It is also a play about closure, and suggests that Mr A is now turning his mind to the imminent end of his (by then) 37-year artistic directorship of this theatre and its predecessors; the autumn/winter season will be his last before Chris Monks takes over. I suspect that Gordon is Ayckbourn’s unflattering caricature of his own continued presence staging his works at the SJT during his “afterlife”, but I’m sure there will be no call for a similar exorcism.
(Financial Times, 27 July 2008)

Life & Beth (by Sam Marlowe)
"Christmas has come early to Scarborough in Alan Ayckbourn's new yuletide comedy — the writer's 71st play. Along with a couple of revivals of earlier Ayckbourn works, it forms the Stephen Joseph Theatre's spookily themed
Things That Go Bump season. Sadly, though, there is little here to quicken the pulse. Life & Beth is as cosily predictable, and as dated in feel, as a Seventies sitcom. If there is pleasure to be had here, it resides primarily in the comic brio of the cast, and in the odd instance of sharp repartee.
Beth (played by Liza Goddard) was recently bereaved when her overbearing husband, Gordon, a pettifogging health and safety officer, fell from a ladder at work. Facing her first Christmas as a widow, she must also contend with her nerdish, patronising son Martin, his mute, cowed girlfriend Ella, and Gordon's depressive sister Connie (a bitterly funny Susie Blake).
Connie is a particular worry; her taste for red wine has led her, on a previous festive occasion, to attempt to ride the illuminated flashing reindeer that Gordon always insisted on erecting outside the house.
Beth's main source of comfort - the cat, with which Gordon shared a mutual antipathy - has mysteriously gone missing, and a visit from the oleaginous vicar amorously pressing unwelcome spiritual succour upon her is far from welcome.
Just as it seems that things cannot get any worse, the lights fuse - and there, at the head of the table like the apparition of slaughtered Banquo or some nylon-besuited Spirit of Christmas Present, is Gordon's grinning ghost.
There's a dash of Noël Coward's
Blithe Spirit to the play, with Beth much put out by her phantom husband's arrival and the vicar acting as a kind of clerical Madame Arcati. The suggestion, in Gordon's account of life after death, that Heaven is like a celestial version of the Civil Service might raise a smile. But even the characters this side of the grave suffer a wraith-like lack of substance, so thinly drawn are they.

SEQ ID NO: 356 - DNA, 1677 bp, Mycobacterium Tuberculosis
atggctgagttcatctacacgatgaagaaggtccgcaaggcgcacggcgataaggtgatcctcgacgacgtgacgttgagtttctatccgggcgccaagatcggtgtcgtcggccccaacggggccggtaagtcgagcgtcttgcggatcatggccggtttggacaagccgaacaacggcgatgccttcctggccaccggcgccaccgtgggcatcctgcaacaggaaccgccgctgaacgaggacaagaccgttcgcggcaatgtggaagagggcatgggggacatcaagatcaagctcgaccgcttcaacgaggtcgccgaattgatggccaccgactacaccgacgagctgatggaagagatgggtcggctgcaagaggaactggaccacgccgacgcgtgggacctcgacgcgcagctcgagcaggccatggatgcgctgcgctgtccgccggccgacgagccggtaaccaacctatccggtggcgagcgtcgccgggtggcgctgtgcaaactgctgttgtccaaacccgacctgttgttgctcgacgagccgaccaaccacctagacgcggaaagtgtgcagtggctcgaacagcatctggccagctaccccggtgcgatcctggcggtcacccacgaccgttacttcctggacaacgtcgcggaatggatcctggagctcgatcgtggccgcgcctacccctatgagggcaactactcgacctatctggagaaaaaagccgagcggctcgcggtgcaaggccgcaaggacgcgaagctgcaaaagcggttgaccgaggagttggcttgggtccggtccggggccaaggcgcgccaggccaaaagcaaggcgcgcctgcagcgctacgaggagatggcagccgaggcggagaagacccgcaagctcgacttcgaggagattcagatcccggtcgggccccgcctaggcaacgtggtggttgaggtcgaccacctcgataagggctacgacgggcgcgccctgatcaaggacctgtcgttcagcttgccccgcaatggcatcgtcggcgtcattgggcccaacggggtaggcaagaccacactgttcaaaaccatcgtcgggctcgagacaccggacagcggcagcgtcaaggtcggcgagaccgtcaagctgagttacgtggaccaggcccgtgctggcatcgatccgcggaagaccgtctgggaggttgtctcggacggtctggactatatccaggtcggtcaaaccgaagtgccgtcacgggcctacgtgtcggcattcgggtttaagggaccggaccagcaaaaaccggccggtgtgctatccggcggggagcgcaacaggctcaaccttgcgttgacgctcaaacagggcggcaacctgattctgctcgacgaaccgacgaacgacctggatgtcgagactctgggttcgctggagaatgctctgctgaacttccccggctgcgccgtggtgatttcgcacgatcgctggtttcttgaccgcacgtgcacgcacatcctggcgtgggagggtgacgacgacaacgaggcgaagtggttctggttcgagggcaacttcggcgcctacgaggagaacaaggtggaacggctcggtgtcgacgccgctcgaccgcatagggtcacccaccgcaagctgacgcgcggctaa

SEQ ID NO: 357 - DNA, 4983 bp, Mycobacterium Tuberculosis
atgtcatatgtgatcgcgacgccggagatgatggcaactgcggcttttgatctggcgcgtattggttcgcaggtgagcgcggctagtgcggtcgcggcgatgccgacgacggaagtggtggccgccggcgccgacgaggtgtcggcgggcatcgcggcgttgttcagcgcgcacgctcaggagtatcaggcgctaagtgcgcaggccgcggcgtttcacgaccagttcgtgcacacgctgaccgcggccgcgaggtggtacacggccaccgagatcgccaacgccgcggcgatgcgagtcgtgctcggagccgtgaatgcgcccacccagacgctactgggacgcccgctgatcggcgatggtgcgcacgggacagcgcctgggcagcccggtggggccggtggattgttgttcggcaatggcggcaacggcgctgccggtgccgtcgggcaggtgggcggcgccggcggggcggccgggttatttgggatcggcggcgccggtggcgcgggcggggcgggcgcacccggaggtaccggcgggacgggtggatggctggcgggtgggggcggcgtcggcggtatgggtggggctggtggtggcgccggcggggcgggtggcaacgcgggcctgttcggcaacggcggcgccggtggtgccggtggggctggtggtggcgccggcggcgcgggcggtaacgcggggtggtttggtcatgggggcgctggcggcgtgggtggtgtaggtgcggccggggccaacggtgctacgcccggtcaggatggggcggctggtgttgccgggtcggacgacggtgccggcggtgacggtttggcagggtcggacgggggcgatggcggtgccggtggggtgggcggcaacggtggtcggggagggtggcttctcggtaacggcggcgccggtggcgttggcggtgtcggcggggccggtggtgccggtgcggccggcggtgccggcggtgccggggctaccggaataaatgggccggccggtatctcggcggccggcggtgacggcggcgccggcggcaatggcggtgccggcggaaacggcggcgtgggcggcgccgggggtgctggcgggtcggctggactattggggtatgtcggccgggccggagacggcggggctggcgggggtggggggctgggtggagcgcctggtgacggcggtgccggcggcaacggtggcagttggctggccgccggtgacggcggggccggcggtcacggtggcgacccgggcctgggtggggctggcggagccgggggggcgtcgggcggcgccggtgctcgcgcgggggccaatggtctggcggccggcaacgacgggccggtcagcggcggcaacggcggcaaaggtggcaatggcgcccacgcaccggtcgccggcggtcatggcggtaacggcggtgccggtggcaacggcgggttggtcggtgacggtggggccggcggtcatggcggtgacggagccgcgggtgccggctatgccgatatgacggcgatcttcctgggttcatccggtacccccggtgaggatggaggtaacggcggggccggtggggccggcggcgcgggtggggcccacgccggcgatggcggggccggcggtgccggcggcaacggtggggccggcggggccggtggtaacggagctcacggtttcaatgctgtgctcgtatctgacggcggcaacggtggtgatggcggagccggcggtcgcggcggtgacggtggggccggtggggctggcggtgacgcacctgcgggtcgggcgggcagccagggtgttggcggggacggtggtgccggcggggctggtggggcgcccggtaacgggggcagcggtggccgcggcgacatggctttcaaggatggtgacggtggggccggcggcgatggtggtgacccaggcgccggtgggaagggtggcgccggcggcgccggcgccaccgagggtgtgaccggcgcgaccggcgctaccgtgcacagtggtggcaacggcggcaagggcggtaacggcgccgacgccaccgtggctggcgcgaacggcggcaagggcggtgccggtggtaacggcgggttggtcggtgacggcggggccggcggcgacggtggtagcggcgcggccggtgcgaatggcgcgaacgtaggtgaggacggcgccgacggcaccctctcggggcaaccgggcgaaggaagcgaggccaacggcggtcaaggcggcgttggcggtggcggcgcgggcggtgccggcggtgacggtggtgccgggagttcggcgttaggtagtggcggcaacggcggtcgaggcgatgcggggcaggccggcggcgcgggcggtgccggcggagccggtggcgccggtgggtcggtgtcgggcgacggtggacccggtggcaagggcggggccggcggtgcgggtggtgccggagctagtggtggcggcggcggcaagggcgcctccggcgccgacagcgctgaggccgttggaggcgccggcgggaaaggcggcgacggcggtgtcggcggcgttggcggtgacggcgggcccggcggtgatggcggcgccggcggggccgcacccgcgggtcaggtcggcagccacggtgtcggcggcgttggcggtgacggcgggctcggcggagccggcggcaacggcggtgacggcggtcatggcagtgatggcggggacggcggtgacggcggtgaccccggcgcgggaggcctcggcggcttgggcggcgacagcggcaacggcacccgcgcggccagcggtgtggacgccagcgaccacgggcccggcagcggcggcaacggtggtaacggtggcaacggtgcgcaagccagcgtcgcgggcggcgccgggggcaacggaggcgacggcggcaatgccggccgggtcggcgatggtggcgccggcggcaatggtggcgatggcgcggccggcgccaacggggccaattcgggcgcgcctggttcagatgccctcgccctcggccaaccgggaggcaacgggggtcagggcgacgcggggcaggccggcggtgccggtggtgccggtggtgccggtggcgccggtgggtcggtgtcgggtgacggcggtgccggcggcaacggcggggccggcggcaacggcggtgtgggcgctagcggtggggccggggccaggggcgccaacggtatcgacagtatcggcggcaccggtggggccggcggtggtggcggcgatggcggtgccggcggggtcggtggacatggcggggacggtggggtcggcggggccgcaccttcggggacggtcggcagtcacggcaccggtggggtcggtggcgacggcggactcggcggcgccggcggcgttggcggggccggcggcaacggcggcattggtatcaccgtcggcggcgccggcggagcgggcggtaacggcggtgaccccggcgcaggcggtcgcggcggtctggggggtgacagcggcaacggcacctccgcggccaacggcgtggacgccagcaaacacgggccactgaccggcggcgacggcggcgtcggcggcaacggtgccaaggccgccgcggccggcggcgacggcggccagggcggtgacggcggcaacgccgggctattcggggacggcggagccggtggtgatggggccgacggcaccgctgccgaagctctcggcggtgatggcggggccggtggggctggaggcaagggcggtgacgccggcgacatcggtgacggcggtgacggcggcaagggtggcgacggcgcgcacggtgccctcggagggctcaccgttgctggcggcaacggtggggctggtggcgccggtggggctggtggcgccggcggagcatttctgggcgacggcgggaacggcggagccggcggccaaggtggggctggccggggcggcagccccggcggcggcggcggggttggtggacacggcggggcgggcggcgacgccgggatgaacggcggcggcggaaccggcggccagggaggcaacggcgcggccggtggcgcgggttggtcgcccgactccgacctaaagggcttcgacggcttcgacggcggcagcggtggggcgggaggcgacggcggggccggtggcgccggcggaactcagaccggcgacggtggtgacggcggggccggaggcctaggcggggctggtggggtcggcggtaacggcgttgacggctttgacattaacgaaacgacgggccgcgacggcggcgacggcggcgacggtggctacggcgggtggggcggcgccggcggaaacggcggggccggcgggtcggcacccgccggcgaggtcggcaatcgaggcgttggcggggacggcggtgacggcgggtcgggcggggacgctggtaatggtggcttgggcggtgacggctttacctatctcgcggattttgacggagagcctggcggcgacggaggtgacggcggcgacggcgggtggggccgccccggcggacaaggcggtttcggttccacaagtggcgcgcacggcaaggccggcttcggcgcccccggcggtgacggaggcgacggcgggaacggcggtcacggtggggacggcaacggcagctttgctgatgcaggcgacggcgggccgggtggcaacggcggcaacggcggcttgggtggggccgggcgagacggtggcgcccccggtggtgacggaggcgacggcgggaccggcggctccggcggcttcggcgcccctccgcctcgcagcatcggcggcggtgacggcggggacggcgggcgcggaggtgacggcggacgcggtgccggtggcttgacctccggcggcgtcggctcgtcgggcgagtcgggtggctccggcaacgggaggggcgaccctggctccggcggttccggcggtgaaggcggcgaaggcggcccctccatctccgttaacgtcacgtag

Nor do the relationships convince. Ayckbourn implies the tedium and unhappiness of Beth and Gordon's marriage, but offers no explanation about why the perfectly capable and confident-seeming Beth should have tolerated it for so long. Equally, what keeps Martin, clearly following in his father's clod-hoppingly insensitive footsteps, and the miserable Ella together remains a mystery.
Some nifty business with wires and trapdoors lends Ayckbourn's staging the occasional faint frisson of the supernatural, yet the production overall is bedevilled by a serious lack of pace. The actors still succeed in making the best of the lines sting, with Blake's increasingly woozy and rancorous Connie especially diverting. But this is pretty tame entertainment."
(The Times, 24 July 2008)

Life & Beth Is Bewitching Tale (by Sue Wilkinson)
"This is Sir Alan Ayckbourn's new play for the season and the third and last in the ghost trilogy which started earlier this year with
Haunting Julia and Snake in the Grass.
Though it is not necessary to have seen the other two,
Life & Beth is richer for having done so. It merges the all-male cast from Julia and the all-female cast from Snake - though the roles each actor plays are entirely new
Life & Beth is the lightest of the trio of ghost stories with Liza Goddard in great form as the newly-widowed Beth, who, to put it bluntly, is glad to be rid of hapless Gordon and relishing her newfound freedom.
But she can't make the most of it until she has suffered stifling sympathy from her selfish son, spinster sister and the vicar whose idea of comfort is to sing
Accentuate the Positive to her.
And then there's Gordon, the late health and safety officer with a penchant for having accidents, who refuses to stay laid to rest. He emerges at the Christmas Eve dinner table like the phantom of the soap opera.
Although
Life & Beth continues the themes of closure, marriage, sibling rivalry, parenthood etc, of its predecessors, Life & Beth is more Blithe Spirit than The Exorcist.
Gordon's presence is benignly irritating, much as you expected him to be in life, rather than restlessly malevolent, though why he looks like an extra from
The Godfather is not explained.
The performances are excellent all-round. Susie Blake is definitely "on-a-role" after a brilliant performance in
Snake and Ruth Gibson, as the silent, downtrodden girlfriend manages to steal scenes without uttering a word.
The characters are a little clichéd and the play lacks the emotional punch of the other two - but that said it is still a clever, funny, observant, bewitching evening at the theatre."
(Scarborough Evening News, 27 July 2008)